The world converges on Dec. 31 in Times Square to rejoice at the passage of another year. Celebrities are afoot, and they are looking to crank out a classic. The resulting cheese-fest of hastily conceived romances and grating pop-music is a minimally amusing look into the world of cinematic euphoria, at the cusp of 2012.
Another year, the same New York and a horde of celebrity actors and musicians are the main ingredients in Garry Marshall’s latest holiday celebration “New Year’s Eve.” Following the intertwining adventures of several, starry-eyed New Yorkers in Times Square, awaiting the famous ball to drop at midnight, Marshall looks to weave a hip and heart-warming homage to New Year’s cheer.
With Hollywood beauties Hillary Swank and Jessica Biel, playing an events coordinator and pregnant woman respectively, and hunks Ashton Kutcher and Zack Efron getting caught up in their own hijinks from one slacker one-liner to the next, the quirky attempts at comedy and false-chemistry, as actors attempt to outshine one-another, make up the majority of the flick. The actors’ stories somehow all connect as the fateful ball is set to drop – perhaps on their careers.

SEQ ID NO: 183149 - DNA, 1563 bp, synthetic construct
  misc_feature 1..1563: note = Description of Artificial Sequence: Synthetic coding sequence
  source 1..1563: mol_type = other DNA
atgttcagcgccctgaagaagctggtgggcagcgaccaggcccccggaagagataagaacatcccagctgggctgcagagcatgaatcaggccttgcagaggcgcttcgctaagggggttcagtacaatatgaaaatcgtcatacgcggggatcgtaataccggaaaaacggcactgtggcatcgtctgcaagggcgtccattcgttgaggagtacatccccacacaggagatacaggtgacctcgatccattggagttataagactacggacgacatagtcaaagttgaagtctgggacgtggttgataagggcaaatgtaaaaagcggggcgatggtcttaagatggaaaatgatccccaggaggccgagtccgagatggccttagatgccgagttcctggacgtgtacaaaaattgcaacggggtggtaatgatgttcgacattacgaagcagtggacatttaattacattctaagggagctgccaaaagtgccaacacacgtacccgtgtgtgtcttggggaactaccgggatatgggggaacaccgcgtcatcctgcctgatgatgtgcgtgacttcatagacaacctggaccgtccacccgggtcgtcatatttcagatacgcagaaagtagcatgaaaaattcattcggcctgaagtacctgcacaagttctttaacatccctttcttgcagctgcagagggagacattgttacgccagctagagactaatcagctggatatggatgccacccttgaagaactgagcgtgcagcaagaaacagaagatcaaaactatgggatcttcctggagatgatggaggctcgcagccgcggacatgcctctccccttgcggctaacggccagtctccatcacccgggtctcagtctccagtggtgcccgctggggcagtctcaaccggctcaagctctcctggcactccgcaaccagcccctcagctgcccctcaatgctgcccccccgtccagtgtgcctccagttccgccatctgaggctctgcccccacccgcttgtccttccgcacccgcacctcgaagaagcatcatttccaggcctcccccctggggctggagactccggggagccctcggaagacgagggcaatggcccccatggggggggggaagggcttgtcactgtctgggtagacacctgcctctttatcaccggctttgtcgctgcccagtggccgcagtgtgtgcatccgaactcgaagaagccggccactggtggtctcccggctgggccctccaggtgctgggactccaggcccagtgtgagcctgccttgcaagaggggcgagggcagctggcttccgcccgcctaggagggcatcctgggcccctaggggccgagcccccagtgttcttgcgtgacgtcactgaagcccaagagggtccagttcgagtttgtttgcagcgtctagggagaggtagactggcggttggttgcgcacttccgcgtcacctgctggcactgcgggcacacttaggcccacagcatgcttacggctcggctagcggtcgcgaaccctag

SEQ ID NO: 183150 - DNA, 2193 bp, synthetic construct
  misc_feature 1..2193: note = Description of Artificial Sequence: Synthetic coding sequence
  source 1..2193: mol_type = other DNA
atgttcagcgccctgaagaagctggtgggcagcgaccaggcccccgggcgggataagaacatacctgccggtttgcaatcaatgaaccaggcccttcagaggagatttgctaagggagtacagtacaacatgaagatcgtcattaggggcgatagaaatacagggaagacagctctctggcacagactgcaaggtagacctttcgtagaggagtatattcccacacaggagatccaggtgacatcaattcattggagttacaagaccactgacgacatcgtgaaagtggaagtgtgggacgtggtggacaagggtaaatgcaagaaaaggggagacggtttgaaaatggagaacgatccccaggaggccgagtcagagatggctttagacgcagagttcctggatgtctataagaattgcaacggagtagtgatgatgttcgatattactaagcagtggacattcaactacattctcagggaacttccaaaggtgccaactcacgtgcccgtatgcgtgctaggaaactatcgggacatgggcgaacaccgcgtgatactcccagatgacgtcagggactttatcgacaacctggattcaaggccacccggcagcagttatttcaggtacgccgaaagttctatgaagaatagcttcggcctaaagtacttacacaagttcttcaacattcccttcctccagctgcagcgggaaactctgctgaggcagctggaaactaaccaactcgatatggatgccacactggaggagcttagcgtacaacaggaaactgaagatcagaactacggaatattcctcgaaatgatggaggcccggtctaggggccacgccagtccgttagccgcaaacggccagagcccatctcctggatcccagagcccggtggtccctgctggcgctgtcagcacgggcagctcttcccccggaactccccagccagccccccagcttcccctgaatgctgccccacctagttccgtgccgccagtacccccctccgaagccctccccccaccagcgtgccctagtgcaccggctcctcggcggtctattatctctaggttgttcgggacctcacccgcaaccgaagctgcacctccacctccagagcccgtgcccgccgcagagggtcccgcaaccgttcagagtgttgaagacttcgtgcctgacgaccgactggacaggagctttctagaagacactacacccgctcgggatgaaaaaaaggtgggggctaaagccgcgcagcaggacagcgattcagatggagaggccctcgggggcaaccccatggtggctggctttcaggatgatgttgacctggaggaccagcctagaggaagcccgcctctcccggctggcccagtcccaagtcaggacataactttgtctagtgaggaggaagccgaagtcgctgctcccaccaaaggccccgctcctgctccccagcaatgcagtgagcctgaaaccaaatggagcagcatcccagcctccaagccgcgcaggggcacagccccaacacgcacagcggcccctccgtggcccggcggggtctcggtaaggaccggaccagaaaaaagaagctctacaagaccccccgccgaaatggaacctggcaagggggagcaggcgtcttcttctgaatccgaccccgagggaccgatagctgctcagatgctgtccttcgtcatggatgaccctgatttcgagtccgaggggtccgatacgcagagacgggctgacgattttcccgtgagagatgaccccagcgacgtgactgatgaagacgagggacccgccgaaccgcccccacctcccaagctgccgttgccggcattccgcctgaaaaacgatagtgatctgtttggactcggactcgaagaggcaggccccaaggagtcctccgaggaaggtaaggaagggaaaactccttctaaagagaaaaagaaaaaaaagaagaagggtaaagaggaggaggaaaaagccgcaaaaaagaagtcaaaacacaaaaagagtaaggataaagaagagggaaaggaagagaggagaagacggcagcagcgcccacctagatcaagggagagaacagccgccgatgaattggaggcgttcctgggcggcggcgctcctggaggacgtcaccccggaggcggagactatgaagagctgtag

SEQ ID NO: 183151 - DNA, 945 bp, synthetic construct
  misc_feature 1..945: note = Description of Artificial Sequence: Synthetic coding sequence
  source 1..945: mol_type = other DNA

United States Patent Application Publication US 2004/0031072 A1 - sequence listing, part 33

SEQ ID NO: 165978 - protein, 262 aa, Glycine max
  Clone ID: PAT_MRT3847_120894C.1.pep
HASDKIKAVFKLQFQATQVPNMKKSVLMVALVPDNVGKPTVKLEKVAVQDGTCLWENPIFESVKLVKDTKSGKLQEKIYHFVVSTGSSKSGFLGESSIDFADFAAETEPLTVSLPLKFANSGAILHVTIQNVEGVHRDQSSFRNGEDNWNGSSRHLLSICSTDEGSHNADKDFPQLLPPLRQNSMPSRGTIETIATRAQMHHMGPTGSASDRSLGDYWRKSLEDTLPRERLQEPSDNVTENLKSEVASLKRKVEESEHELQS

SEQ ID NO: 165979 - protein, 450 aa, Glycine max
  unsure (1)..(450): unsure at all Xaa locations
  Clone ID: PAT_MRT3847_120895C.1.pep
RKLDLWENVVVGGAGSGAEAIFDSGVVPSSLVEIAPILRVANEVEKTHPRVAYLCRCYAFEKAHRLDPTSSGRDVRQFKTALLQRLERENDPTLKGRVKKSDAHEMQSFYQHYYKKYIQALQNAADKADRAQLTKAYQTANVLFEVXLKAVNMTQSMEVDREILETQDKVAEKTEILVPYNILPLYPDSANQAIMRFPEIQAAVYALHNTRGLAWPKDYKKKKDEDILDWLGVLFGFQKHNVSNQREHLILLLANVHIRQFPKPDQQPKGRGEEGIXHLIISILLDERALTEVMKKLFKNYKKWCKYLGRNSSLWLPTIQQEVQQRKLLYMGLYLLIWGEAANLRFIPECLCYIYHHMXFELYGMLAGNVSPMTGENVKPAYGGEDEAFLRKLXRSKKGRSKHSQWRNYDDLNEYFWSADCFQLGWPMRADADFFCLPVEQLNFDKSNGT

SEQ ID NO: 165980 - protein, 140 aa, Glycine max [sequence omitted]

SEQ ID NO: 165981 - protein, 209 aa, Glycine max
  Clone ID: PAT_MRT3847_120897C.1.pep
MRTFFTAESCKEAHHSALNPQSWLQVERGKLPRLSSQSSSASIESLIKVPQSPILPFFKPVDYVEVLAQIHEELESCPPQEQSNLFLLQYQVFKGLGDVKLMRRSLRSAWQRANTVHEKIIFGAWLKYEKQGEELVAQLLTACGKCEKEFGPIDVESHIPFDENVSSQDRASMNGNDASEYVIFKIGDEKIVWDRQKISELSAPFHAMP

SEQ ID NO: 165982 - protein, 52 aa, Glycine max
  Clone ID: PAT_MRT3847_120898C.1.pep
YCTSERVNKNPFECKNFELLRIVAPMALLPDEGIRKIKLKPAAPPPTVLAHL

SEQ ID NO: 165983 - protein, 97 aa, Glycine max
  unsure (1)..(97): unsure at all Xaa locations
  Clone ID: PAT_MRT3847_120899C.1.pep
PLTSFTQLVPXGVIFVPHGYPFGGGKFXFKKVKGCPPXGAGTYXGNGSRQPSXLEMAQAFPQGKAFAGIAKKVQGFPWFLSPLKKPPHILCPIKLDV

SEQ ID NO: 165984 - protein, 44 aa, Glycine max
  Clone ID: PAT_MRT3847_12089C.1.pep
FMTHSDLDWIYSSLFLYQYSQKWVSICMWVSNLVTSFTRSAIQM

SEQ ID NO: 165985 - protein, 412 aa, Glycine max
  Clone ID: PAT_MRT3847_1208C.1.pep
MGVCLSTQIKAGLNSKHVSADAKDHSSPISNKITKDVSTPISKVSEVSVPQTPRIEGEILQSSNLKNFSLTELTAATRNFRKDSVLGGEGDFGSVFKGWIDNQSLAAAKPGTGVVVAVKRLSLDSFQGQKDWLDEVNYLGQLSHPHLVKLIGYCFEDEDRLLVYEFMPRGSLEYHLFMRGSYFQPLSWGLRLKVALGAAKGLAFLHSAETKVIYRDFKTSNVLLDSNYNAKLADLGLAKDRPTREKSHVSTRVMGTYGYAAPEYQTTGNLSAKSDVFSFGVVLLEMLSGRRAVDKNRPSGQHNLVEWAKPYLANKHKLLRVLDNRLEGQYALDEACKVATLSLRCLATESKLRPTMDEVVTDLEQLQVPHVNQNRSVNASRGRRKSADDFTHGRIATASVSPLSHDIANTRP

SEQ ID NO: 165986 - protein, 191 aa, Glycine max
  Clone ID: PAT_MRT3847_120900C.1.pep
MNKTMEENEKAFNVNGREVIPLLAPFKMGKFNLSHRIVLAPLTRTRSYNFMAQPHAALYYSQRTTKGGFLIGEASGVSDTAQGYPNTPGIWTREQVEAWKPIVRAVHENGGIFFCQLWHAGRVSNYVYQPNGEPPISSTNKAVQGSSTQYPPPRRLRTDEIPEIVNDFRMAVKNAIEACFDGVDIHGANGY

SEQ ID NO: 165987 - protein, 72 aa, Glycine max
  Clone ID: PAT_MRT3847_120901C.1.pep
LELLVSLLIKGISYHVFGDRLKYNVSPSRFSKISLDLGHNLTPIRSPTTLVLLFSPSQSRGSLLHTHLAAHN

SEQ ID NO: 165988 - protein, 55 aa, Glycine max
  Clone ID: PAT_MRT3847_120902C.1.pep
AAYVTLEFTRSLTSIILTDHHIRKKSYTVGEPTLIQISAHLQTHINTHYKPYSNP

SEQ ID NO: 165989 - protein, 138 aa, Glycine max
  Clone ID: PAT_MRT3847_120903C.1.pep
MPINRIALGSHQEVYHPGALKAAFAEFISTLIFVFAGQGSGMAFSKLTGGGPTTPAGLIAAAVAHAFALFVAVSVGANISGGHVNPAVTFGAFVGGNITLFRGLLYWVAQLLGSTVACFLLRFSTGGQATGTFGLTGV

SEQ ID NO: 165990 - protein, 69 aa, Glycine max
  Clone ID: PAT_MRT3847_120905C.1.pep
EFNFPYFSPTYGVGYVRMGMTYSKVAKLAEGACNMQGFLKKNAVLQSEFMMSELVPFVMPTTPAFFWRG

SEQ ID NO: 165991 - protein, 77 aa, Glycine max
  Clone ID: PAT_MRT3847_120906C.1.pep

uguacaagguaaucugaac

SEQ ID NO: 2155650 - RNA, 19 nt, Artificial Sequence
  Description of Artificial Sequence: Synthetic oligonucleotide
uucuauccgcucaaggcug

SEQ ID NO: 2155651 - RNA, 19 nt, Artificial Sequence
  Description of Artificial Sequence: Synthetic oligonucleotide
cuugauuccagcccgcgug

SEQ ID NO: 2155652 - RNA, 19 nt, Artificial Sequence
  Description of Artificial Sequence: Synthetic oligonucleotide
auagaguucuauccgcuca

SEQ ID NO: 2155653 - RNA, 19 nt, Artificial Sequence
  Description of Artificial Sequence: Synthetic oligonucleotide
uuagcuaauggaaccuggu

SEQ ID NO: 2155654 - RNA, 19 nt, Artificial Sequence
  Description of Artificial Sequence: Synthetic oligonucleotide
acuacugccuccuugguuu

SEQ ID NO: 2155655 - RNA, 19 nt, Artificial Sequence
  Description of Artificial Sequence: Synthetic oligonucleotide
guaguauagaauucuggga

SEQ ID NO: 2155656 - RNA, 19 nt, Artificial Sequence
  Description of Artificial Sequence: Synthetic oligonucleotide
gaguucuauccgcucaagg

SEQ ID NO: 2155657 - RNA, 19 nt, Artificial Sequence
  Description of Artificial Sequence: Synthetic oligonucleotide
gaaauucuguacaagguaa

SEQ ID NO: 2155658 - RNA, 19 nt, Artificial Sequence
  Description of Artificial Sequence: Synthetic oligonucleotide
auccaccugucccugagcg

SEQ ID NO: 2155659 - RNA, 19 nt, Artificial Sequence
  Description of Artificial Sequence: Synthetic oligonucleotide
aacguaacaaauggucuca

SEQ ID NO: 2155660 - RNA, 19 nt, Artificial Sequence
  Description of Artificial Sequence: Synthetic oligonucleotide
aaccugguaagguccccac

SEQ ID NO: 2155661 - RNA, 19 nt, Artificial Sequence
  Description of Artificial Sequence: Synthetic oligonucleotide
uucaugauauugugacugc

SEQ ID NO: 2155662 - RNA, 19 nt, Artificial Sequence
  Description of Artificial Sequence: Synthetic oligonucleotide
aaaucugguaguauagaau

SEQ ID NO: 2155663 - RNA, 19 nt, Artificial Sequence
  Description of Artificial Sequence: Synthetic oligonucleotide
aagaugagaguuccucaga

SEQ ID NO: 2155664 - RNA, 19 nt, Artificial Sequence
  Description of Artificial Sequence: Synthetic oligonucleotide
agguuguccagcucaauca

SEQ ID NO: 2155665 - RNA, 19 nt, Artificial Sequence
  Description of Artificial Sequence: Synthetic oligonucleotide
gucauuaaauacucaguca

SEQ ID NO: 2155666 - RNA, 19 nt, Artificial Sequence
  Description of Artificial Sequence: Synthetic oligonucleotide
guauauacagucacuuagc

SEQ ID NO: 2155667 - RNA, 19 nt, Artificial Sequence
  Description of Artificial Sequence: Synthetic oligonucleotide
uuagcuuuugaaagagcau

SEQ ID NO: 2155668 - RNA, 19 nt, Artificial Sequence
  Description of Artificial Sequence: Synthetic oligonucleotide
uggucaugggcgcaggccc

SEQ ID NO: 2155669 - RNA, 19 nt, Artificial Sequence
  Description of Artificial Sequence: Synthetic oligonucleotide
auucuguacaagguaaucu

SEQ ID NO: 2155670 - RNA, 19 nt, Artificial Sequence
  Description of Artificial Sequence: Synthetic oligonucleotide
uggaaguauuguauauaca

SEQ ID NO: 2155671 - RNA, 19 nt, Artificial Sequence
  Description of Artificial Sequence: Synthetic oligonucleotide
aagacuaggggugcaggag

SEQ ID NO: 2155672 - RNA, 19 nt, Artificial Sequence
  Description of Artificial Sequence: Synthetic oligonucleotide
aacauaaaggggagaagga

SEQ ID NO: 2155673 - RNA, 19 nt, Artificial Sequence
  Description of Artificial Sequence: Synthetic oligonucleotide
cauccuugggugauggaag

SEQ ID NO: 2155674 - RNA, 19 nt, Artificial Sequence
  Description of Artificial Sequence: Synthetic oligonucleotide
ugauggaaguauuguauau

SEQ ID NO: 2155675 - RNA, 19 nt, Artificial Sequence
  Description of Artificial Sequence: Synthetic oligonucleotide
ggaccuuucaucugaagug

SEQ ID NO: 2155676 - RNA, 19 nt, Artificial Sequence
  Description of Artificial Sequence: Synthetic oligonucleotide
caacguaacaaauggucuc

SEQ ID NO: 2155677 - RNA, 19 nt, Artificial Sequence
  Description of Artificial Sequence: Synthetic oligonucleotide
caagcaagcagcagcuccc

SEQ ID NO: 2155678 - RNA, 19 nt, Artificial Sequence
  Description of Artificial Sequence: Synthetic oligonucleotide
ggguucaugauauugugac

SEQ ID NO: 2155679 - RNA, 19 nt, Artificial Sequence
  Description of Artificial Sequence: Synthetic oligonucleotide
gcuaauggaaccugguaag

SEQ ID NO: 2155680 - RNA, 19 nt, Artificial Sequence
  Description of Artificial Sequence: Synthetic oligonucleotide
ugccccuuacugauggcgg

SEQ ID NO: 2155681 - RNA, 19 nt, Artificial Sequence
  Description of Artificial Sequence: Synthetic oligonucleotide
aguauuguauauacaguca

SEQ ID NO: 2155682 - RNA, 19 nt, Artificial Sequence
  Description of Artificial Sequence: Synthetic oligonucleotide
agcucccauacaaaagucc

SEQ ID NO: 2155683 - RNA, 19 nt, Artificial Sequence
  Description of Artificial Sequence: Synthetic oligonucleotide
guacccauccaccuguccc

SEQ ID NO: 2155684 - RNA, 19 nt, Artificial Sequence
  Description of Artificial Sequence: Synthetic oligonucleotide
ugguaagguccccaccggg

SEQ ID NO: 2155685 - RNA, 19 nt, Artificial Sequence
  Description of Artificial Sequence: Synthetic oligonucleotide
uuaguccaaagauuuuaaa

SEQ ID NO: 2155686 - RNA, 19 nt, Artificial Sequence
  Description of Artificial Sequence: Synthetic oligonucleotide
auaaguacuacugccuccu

But don’t forget the montages.
When transitioning from scene-to-scene of campy dialogue, the film treats viewers to a sampling of over-blown, bubble-gum pop to chew on while they sit amazed as glorious images of New York City flash before their eyes. One’s psyche is suddenly awash with admiration for the big apple, and fluttered with a garbling of the classic MTV, auditory hedonism.
Perhaps fun for younger viewers and fans of reality television’s brain-drain effect, by the end of “New Year’s Eve,” the film is apparently nothing more than mere propaganda.
Dragging to the nearly two-hour mark, the sappiness seems to have one message: 2012 is going to be just fine; America and New York are going to be just fine. It is a movie where nothing happens, save more screen time for spot-light darlings.
Don’t let the glossy poster fool you, or the celebrity cast list entice you. This is not a movie. Don’t let them tell you it will be okay.